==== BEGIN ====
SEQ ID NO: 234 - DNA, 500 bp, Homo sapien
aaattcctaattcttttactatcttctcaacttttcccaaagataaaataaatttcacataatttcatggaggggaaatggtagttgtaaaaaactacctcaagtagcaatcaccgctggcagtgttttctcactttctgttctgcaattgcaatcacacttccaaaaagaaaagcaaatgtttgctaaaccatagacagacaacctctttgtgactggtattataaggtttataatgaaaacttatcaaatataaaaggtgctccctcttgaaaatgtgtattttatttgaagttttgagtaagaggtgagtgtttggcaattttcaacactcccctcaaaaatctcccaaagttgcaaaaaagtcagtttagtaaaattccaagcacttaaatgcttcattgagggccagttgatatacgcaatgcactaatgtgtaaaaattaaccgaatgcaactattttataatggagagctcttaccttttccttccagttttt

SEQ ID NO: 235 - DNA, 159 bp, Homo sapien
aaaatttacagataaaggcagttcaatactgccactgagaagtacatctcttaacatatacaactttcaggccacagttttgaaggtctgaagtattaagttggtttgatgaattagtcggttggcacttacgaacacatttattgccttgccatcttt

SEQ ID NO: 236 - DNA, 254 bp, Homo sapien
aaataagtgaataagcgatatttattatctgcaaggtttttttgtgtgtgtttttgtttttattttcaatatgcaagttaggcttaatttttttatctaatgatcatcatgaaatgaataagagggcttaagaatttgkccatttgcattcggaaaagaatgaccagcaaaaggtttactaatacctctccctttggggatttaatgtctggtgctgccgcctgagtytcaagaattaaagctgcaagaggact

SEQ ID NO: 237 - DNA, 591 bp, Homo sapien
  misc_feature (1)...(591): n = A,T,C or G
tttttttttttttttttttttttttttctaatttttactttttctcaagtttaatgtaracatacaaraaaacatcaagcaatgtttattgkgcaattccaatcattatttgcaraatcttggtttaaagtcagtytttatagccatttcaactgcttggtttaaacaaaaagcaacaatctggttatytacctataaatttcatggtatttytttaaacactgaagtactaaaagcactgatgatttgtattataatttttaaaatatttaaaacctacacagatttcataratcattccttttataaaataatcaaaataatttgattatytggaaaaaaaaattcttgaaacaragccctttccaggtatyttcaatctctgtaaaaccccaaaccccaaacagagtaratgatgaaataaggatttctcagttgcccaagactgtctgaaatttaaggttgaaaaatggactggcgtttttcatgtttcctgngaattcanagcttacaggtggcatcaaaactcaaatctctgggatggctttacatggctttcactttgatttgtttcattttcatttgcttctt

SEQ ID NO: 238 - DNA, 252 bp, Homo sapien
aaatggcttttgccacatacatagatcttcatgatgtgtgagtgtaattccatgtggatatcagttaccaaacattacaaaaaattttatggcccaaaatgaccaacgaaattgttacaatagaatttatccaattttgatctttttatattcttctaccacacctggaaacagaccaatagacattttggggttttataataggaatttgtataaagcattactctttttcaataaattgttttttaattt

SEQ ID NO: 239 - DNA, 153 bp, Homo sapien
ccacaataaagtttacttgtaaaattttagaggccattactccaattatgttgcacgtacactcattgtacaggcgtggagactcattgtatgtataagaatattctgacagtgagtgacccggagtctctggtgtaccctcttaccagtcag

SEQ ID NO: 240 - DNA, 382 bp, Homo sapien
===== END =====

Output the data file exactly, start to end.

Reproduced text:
SEQ ID NO: 234 - DNA, 500 bp, Homo sapien
aaattcctaattcttttactatcttctcaacttttcccaaagataaaataaatttcacataatttcatggaggggaaatggtagttgtaaaaaactacctcaagtagcaatcaccgctggcagtgttttctcactttctgttctgcaattgcaatcacacttccaaaaagaaaagcaaatgtttgctaaaccatagacagacaacctctttgtgactggtattataaggtttataatgaaaacttatcaaatataaaaggtgctccctcttgaaaatgtgtattttatttgaagttttgagtaagaggtgagtgtttggcaattttcaacactcccctcaaaaatctcccaaagttgcaaaaaagtcagtttagtaaaattccaagcacttaaatgcttcattgagggccagttgatatacgcaatgcactaatgtgtaaaaattaaccgaatgcaactattttataatggagagctcttaccttttccttccagttttt

SEQ ID NO: 235 - DNA, 159 bp, Homo sapien
aaaatttacagataaaggcagttcaatactgccactgagaagtacatctcttaacatatacaactttcaggccacagttttgaaggtctgaagtattaagttggtttgatgaattagtcggttggcacttacgaacacatttattgccttgccatcttt

SEQ ID NO: 236 - DNA, 254 bp, Homo sapien
aaataagtgaataagcgatatttattatctgcaaggtttttttgtgtgtgtttttgtttttattttcaatatgcaagttaggcttaatttttttatctaatgatcatcatgaaatgaataagagggcttaagaatttgkccatttgcattcggaaaagaatgaccagcaaaaggtttactaatacctctccctttggggatttaatgtctggtgctgccgcctgagtytcaagaattaaagctgcaagaggact

SEQ ID NO: 237 - DNA, 591 bp, Homo sapien
  misc_feature (1)...(591): n = A,T,C or G
tttttttttttttttttttttttttttctaatttttactttttctcaagtttaatgtaracatacaaraaaacatcaagcaatgtttattgkgcaattccaatcattatttgcaraatcttggtttaaagtcagtytttatagccatttcaactgcttggtttaaacaaaaagcaacaatctggttatytacctataaatttcatggtatttytttaaacactgaagtactaaaagcactgatgatttgtattataatttttaaaatatttaaaacctacacagatttcataratcattccttttataaaataatcaaaataatttgattatytggaaaaaaaaattcttgaaacaragccctttccaggtatyttcaatctctgtaaaaccccaaaccccaaacagagtaratgatgaaataaggatttctcagttgcccaagactgtctgaaatttaaggttgaaaaatggactggcgtttttcatgtttcctgngaattcanagcttacaggtggcatcaaaactcaaatctctgggatggctttacatggctttcactttgatttgtttcattttcatttgcttctt

SEQ ID NO: 238 - DNA, 252 bp, Homo sapien
aaatggcttttgccacatacatagatcttcatgatgtgtgagtgtaattccatgtggatatcagttaccaaacattacaaaaaattttatggcccaaaatgaccaacgaaattgttacaatagaatttatccaattttgatctttttatattcttctaccacacctggaaacagaccaatagacattttggggttttataataggaatttgtataaagcattactctttttcaataaattgttttttaattt

SEQ ID NO: 239 - DNA, 153 bp, Homo sapien
ccacaataaagtttacttgtaaaattttagaggccattactccaattatgttgcacgtacactcattgtacaggcgtggagactcattgtatgtataagaatattctgacagtgagtgacccggagtctctggtgtaccctcttaccagtcag

SEQ ID NO: 240 - DNA, 382 bp, Homo sapien